Whether rabid Republican or dogged Democrat, if you are active in your party in Georgia, chances are - sometime in the last few days - you were asked to pick up the phone and get out the vote in Massachusetts.
Georgians, red and blue, heeded the call of their respective political alliances and worked phone-banks to get their counterparts in the Bay State to the polls.
A stack of ballots awaits Massachusetts voters in a special election to fill the
U.S. Senate seat left vacant by the death of Sen. Edward Kennedy, Tuesday,
Jan. 19, 2010. (AP Photo/Stew Milne)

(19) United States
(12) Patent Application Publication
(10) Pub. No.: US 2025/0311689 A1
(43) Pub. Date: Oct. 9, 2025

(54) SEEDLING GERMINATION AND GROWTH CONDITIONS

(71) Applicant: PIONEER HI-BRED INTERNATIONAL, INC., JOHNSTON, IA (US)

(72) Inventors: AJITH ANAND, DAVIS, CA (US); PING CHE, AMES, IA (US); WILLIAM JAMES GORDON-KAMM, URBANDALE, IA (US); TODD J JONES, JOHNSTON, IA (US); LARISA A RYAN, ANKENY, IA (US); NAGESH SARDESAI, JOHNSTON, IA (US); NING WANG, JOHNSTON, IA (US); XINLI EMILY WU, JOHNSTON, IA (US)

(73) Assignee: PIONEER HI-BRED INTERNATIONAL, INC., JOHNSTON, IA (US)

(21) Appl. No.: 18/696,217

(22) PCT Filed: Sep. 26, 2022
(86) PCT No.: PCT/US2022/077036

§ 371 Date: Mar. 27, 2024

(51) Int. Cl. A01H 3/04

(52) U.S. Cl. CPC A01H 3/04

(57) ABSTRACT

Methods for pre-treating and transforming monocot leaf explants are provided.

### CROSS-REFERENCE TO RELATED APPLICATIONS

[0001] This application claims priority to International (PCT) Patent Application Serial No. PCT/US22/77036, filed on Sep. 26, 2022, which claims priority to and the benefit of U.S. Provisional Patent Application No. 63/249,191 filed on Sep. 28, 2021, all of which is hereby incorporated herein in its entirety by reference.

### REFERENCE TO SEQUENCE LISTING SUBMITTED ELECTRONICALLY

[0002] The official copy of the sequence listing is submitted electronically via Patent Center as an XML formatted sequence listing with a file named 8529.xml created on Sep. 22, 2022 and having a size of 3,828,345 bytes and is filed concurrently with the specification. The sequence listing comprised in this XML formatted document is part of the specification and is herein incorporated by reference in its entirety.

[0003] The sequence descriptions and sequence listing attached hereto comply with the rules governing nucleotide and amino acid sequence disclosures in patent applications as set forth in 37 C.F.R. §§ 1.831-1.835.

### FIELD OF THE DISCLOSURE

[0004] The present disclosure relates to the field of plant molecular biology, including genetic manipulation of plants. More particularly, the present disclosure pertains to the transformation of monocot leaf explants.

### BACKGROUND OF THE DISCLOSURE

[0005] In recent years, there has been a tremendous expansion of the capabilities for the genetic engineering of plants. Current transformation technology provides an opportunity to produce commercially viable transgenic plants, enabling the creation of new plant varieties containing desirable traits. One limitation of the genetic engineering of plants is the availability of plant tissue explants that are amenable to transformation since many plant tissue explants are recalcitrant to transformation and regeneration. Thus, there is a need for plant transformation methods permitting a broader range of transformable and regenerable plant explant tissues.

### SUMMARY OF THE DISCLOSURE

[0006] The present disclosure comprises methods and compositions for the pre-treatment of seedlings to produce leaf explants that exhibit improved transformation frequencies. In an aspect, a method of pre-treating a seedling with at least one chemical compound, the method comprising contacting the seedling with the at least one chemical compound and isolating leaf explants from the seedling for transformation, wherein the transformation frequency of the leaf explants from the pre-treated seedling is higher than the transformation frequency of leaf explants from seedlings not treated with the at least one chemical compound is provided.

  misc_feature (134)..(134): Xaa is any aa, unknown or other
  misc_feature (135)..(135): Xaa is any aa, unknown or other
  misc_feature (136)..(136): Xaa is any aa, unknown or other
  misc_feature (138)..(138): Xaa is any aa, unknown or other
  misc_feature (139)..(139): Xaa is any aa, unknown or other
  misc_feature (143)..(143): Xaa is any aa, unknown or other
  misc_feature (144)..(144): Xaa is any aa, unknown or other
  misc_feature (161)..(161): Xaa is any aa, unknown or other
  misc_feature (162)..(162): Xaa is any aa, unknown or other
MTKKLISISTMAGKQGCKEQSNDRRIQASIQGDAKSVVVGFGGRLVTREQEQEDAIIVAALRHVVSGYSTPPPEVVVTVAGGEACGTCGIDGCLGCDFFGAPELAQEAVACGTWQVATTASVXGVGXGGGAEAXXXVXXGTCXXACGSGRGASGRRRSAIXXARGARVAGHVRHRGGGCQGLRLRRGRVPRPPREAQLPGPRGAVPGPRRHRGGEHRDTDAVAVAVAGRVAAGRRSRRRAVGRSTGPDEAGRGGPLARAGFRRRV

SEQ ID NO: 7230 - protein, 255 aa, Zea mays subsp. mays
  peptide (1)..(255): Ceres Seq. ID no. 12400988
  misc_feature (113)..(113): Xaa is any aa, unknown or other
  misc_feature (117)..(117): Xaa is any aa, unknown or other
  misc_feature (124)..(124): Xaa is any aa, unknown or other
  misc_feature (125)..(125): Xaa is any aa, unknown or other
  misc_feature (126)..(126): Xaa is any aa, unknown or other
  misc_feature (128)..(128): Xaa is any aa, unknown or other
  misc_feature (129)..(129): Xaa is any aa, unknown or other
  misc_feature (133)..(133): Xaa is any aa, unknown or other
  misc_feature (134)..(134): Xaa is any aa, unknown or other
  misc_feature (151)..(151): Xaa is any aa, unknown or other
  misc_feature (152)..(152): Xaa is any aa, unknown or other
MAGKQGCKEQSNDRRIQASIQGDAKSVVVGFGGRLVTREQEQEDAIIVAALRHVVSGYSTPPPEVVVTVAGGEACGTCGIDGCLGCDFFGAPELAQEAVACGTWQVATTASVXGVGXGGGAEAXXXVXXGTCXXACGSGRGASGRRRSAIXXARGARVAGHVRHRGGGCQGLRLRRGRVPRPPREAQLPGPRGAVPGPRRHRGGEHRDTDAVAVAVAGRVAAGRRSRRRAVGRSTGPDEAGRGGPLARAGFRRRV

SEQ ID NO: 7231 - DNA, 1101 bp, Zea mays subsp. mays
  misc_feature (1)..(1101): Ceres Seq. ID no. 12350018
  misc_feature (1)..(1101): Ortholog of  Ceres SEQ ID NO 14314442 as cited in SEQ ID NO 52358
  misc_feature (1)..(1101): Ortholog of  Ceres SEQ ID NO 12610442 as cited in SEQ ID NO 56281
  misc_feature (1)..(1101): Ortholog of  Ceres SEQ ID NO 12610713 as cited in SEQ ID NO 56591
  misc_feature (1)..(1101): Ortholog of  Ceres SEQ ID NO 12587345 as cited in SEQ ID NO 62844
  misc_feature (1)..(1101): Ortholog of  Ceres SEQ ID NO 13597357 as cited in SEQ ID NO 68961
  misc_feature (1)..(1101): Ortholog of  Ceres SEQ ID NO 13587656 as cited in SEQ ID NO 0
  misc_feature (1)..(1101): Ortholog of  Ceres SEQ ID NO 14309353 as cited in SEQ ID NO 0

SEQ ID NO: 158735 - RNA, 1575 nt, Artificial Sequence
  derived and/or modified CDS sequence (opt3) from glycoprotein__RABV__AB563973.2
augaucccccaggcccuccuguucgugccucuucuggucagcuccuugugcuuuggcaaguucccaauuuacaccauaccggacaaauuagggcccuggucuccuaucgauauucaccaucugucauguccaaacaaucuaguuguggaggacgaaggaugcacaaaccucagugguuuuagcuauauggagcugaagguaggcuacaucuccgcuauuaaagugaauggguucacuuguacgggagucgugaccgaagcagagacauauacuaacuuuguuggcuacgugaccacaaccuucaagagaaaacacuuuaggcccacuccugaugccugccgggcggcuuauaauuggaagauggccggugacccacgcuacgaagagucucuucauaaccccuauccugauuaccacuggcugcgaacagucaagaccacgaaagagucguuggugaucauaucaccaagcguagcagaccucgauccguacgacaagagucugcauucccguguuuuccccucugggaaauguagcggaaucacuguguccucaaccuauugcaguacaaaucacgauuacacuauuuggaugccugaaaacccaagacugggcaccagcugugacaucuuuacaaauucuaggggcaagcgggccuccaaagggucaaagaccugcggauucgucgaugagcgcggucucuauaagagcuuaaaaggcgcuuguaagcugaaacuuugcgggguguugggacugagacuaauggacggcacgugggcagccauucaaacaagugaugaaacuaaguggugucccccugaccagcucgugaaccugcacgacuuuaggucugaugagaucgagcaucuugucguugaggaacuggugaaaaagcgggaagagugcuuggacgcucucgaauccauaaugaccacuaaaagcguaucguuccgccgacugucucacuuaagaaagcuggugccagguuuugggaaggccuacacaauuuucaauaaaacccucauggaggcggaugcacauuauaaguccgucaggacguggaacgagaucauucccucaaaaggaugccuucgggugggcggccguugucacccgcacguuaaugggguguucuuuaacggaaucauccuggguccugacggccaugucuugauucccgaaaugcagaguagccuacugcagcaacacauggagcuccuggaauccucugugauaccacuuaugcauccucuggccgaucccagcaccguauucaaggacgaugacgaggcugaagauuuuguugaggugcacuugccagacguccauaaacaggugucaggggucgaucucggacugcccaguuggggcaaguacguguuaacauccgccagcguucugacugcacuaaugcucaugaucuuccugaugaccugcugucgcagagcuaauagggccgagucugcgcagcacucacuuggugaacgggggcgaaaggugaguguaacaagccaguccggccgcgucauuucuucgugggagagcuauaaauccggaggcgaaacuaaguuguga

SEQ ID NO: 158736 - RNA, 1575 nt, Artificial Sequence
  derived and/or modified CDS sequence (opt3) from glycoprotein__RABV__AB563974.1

Democrats have been working the phones on behalf of Martha Coakley "at least since Saturday," according to Eric Gray, the media spokesman for the state party. Gray said that while he did not have any solid numbers, the responses from those on the other end of the line have been mixed. "Some are excited to go out and vote for Coakley," he said, but since the lists they were calling were for all registered voters, "some weren't."
The Democratic action in Georgia echoes today's White House plea to loyal party folks to "remind Massachusetts residents to vote," or as President Obama put it in a party email, "The polls are still open, the choice has not been made, and you still have a crucial role to play."